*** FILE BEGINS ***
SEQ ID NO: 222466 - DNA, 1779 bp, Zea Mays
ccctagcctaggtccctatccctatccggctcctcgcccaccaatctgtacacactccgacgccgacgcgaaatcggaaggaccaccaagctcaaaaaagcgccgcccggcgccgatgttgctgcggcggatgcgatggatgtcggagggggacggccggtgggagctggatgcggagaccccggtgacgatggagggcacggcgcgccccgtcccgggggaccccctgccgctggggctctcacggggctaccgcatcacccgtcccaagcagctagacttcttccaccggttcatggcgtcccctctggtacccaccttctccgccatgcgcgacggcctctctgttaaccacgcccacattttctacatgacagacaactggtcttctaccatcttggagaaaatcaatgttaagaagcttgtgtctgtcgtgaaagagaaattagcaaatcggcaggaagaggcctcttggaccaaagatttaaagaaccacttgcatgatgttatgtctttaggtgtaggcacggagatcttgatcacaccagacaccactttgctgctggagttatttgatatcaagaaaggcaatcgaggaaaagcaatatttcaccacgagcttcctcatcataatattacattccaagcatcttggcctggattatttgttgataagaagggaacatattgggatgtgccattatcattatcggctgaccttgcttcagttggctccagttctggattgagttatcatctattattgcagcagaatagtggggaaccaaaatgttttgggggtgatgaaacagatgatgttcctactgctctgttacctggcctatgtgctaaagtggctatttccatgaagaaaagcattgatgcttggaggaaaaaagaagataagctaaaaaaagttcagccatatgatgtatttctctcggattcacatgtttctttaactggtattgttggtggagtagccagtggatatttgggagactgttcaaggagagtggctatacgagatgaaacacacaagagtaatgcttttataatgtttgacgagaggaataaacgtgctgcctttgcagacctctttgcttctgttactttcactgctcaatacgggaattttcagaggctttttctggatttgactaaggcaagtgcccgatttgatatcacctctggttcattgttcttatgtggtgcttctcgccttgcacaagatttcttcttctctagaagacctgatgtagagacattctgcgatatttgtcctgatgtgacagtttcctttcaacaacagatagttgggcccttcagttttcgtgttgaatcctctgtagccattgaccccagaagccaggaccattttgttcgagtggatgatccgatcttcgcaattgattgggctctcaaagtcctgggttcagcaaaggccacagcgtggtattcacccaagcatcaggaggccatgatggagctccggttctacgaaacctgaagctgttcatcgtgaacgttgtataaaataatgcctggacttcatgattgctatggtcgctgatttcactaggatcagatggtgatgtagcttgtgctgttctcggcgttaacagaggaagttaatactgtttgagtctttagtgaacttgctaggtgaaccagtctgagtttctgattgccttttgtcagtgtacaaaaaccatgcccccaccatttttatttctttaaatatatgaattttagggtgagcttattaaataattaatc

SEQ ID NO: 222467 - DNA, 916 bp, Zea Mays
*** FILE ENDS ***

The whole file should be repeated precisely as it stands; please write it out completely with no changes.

SEQ ID NO: 222466 - DNA, 1779 bp, Zea Mays
ccctagcctaggtccctatccctatccggctcctcgcccaccaatctgtacacactccgacgccgacgcgaaatcggaaggaccaccaagctcaaaaaagcgccgcccggcgccgatgttgctgcggcggatgcgatggatgtcggagggggacggccggtgggagctggatgcggagaccccggtgacgatggagggcacggcgcgccccgtcccgggggaccccctgccgctggggctctcacggggctaccgcatcacccgtcccaagcagctagacttcttccaccggttcatggcgtcccctctggtacccaccttctccgccatgcgcgacggcctctctgttaaccacgcccacattttctacatgacagacaactggtcttctaccatcttggagaaaatcaatgttaagaagcttgtgtctgtcgtgaaagagaaattagcaaatcggcaggaagaggcctcttggaccaaagatttaaagaaccacttgcatgatgttatgtctttaggtgtaggcacggagatcttgatcacaccagacaccactttgctgctggagttatttgatatcaagaaaggcaatcgaggaaaagcaatatttcaccacgagcttcctcatcataatattacattccaagcatcttggcctggattatttgttgataagaagggaacatattgggatgtgccattatcattatcggctgaccttgcttcagttggctccagttctggattgagttatcatctattattgcagcagaatagtggggaaccaaaatgttttgggggtgatgaaacagatgatgttcctactgctctgttacctggcctatgtgctaaagtggctatttccatgaagaaaagcattgatgcttggaggaaaaaagaagataagctaaaaaaagttcagccatatgatgtatttctctcggattcacatgtttctttaactggtattgttggtggagtagccagtggatatttgggagactgttcaaggagagtggctatacgagatgaaacacacaagagtaatgcttttataatgtttgacgagaggaataaacgtgctgcctttgcagacctctttgcttctgttactttcactgctcaatacgggaattttcagaggctttttctggatttgactaaggcaagtgcccgatttgatatcacctctggttcattgttcttatgtggtgcttctcgccttgcacaagatttcttcttctctagaagacctgatgtagagacattctgcgatatttgtcctgatgtgacagtttcctttcaacaacagatagttgggcccttcagttttcgtgttgaatcctctgtagccattgaccccagaagccaggaccattttgttcgagtggatgatccgatcttcgcaattgattgggctctcaaagtcctgggttcagcaaaggccacagcgtggtattcacccaagcatcaggaggccatgatggagctccggttctacgaaacctgaagctgttcatcgtgaacgttgtataaaataatgcctggacttcatgattgctatggtcgctgatttcactaggatcagatggtgatgtagcttgtgctgttctcggcgttaacagaggaagttaatactgtttgagtctttagtgaacttgctaggtgaaccagtctgagtttctgattgccttttgtcagtgtacaaaaaccatgcccccaccatttttatttctttaaatatatgaattttagggtgagcttattaaataattaatc

SEQ ID NO: 222467 - DNA, 916 bp, Zea Mays